By Grainger Editorial Staff 7/1/19
Maybe your employees are refusing to wear their work uniforms, leaving their safety glasses in their lockers, or getting too many warning letters for not wearing their safety footwear. Unaware of the hazards of not wearing their personal protective equipment (PPE), these employees are putting themselves and others at risk by not protecting themselves properly on the worksite.
The question is, why aren’t these workers wearing their PPE? And, what dangers are they exposing themselves to as a result of these actions? By gaining an understanding of exactly why this is happening managers can more effectively address the root causes and create a safer workplace for everyone.
As the last line of defense in preventing workplace injuries or health-related issues, PPE has long served a core purpose on jobsites where hazards can be lurking around any corner. Falling objects, arc flash, contaminated air, chemicals, electric shocks, and excessive noise are just a handful of the perils that PPE can help protect against.
But when that PPE doesn’t fit right, looks awkward, or feels like overkill, it may be cast aside. Here are three main excuses employees give for leaving their PPE on the sidelines:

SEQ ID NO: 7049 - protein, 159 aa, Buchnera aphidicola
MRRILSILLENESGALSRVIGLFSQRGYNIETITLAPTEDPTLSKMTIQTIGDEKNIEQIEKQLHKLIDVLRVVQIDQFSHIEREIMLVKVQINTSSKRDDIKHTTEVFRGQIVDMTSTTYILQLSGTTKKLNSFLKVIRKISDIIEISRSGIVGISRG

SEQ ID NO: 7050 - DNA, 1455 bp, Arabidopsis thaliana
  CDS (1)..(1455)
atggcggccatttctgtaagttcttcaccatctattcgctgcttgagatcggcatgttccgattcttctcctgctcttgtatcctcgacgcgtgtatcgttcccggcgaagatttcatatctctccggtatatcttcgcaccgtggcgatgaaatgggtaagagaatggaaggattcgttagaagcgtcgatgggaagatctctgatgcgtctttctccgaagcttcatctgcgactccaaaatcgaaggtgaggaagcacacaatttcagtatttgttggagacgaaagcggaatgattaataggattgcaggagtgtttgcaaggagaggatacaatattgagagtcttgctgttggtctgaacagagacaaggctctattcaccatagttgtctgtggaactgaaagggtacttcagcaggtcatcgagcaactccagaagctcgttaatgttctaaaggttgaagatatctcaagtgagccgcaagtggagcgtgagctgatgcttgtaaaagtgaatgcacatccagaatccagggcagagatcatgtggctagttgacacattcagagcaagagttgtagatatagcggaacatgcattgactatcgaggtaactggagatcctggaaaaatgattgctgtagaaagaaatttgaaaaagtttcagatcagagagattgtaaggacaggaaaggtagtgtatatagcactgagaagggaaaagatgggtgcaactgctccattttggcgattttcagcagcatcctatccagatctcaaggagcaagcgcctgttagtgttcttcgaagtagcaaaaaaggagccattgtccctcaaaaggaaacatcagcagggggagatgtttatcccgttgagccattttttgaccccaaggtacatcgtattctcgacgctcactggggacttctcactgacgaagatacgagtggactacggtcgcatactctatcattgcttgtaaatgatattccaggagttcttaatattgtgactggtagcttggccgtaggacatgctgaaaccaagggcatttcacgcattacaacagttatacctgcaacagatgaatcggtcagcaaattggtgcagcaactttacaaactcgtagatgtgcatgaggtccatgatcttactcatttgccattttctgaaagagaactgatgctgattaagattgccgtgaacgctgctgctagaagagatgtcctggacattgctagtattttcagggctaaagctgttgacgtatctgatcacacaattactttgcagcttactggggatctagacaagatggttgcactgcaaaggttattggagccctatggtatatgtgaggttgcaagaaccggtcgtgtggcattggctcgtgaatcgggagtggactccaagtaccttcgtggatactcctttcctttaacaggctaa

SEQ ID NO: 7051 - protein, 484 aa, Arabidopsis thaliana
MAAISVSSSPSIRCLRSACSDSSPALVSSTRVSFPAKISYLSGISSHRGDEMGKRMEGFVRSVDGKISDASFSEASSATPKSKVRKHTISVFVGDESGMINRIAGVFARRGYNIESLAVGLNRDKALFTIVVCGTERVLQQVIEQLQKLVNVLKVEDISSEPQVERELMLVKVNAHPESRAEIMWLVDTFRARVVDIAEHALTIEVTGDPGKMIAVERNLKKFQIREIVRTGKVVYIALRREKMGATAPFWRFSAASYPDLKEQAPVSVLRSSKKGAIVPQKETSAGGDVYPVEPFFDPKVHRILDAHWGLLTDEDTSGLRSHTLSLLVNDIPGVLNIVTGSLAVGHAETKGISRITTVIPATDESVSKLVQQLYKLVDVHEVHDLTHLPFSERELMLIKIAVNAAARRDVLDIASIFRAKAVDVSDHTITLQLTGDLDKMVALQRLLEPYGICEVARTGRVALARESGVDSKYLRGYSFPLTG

With the wide variety of PPE available on the market today, safety managers can easily find products that not only provide the right level of protection from hazards, but that also cater to the worker’s need to be comfortable, stay cool, be agile and look good while doing it.
The information contained in this article is intended for general information purposes only and is based on information available as of the initial date of publication. No representation is made that the information or references are complete or remain current. This article is not a substitute for review of current applicable government regulations, industry standards, or other standards specific to your business and/or activities and should not be construed as legal advice or opinion. Readers with specific questions should refer to the applicable standards or consult with an attorney.